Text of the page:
Nepal | January 18, 2019

New bill proposes banning adverts on utility poles

Himalayan News Service

Kathmandu, January 11

The Federal Parliament has prepared the Advertisement (Regulation) Bill to provide for legal provisions for regulating advertisement to be published or broadcast for market promotion, sale and publicity of goods and services.

According to the bill, anyone may disseminate advertisement of any goods or services with quality or features thereof to promote them and help consumers make right choice under the prevailing law. The bill proposes that the concerned advertiser shall have to obtain permission to disseminate advertisement through hoarding boards. “Any person, who wishes to display hoarding board in public place for advertisement of goods or services, shall obtain permission of the concerned local level,” it states. However, this provision shall not bar anyone from displaying a hoarding board about one’s profession or occupation in a private house or office in prescribed size without causing disturbance to the public road or land.

“No one shall be allowed to display hoarding board if it causes adverse effects to the natural beauty and aesthetics of historical sites, and obstructs to mobility of people,” it states. The bill also proposes to prohibit the display of hoarding boards on electricity and telephone poles. Similarly, it prohibits the advertisements related to any goods which are banned by the prevailing laws, gambling and lottery, obscene or indecent materials, arms and ammunition and prescription drugs, among others.

Similarly, the advertisements which may disturb national sovereignty, territorial integrity and cordial relations among the federal agencies; dishonour Nepal’s national flag and national anthem, national figures and coat of arms; instigate sedition, defamation, crime and contempt of court; encourage gender discrimination and untouchability; use trade mark, and patent, design and other industrial property without approval or permission of the concerned owner’.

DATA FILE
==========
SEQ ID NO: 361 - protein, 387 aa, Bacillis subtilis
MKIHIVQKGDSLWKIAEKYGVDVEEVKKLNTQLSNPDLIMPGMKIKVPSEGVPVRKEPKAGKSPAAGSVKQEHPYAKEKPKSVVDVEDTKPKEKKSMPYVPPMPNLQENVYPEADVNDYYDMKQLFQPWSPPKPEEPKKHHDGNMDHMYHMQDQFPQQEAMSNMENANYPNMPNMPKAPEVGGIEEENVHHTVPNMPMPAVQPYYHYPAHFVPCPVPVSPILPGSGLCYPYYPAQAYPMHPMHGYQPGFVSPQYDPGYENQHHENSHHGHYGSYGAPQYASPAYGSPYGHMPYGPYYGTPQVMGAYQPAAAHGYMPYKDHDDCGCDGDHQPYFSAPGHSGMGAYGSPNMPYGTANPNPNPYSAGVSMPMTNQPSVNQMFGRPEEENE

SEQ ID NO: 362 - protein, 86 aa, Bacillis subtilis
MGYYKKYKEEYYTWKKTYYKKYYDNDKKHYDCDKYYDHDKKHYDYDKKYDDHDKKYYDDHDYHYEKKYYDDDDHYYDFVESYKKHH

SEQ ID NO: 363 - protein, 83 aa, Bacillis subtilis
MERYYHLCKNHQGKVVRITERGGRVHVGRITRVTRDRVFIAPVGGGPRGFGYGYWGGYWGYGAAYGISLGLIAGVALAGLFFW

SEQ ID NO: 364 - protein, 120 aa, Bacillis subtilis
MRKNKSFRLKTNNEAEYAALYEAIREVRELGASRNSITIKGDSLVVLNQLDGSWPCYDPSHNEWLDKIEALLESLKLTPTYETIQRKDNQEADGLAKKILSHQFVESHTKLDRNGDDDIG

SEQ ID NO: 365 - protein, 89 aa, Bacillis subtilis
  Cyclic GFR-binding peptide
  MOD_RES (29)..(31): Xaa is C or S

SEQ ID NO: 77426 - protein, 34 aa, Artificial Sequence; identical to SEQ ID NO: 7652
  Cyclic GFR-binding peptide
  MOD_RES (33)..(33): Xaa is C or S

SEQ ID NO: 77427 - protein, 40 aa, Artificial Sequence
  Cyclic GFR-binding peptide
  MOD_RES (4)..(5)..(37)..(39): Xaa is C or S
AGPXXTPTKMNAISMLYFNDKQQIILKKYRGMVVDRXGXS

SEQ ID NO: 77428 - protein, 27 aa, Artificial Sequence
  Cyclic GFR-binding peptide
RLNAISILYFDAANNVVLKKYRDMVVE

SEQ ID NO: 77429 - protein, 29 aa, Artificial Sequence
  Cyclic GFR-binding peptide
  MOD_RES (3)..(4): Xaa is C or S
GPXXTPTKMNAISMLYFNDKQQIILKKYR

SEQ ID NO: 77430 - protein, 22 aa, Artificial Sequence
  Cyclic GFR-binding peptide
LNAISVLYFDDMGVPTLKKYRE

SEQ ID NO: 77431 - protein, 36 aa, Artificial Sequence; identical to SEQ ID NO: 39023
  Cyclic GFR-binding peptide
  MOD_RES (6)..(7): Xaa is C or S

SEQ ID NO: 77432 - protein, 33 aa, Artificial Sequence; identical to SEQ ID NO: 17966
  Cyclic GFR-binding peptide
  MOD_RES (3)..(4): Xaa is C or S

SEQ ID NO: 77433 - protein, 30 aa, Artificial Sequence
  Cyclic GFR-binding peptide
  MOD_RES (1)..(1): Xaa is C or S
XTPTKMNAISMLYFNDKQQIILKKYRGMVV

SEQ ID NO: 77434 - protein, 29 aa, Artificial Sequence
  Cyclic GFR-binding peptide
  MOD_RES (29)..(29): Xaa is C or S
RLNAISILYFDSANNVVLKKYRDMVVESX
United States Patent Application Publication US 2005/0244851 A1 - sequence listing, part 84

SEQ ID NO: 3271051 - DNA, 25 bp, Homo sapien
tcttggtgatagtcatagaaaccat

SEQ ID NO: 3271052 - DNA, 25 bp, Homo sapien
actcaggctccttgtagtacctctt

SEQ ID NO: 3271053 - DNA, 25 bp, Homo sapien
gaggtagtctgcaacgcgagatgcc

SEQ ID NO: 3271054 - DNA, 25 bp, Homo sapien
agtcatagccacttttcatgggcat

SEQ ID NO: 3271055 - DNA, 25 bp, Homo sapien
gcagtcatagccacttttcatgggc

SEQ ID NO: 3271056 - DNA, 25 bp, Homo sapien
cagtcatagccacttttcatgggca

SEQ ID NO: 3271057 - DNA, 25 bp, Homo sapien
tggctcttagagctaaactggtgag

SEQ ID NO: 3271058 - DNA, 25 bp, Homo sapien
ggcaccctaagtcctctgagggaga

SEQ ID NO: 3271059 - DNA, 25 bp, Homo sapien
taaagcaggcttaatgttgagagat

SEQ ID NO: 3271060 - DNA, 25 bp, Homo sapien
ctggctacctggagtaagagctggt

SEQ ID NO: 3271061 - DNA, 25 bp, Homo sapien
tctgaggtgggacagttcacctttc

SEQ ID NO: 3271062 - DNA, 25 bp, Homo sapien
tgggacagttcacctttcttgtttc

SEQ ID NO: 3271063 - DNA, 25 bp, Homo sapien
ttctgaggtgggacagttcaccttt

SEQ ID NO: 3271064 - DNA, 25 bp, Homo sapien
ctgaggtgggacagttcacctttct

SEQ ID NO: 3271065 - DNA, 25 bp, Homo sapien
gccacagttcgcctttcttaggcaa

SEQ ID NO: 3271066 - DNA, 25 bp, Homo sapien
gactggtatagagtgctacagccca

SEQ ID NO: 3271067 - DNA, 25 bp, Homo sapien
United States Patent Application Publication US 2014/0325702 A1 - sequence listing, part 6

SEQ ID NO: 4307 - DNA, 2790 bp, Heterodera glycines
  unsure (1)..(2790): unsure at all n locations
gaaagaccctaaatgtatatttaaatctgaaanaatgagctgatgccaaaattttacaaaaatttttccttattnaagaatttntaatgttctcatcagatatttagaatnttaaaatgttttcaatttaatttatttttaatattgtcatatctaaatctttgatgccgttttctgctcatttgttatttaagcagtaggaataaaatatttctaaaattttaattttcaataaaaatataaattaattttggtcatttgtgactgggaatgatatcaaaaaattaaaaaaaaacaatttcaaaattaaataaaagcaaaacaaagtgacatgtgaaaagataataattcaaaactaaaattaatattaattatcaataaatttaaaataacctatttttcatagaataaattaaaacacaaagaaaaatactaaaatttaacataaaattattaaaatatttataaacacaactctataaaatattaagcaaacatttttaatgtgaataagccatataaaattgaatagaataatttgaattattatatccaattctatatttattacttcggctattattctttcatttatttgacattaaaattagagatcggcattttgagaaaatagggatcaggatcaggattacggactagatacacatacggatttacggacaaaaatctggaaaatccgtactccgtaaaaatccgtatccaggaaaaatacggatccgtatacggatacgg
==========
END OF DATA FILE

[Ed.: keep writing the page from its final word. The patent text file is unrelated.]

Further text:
The bill has also stipulated a provision of clean feed policy for foreign television channels in Nepal. This policy bars TV channels from broadcasting foreign advertisements, both in recorded and live feeds. “It shall come into effect after the government publishes a notification in the Nepal Gazette regarding the clean feed broadcast,” the bill states. Nepali media shall not be allowed to broadcast foreign ads by dubbing them.

The bill empowers the local level to declare a certain area of any place of religious, cultural or archaeological importance, and any educational or health institutions as ‘no advertisement area’ on any specific matters. Similarly, the adverser of any goods or services shall have to mention his/her name and address with warning message on the advertisement.

“No one shall circulate message to mobile phone or email for advertisement of any goods or services without consent of the concerned persons. However, the federal government, provincial governments or local levels may circulate message for dissemination of public service announcements and or giving early warning through mobile phone or email at the time of disaster,” the bill states.

The bills stipulates a provision of a seven-member advertisement board led by a person appointed by the government to carry out functions related to regulation of advertisements. The advertisements to be published or broadcast from various media in the provincial and local levels shall also be regulated by the concerned governments.

“Anyone who commits an offence contrary to the provisions of the bill shall be punished with a jail term of up to five years or a fine of up to Rs 500,000, or both, according to the gravity of the cases,” the bill states.

If any harm is caused to a person due to misleading advertisement or if anyone uses creation of the another person on the advertisement without his/her permission, the concerned victim may submit an application to the board for compensation.

 


A version of this article appears in print on January 12, 2019 of The Himalayan Times.


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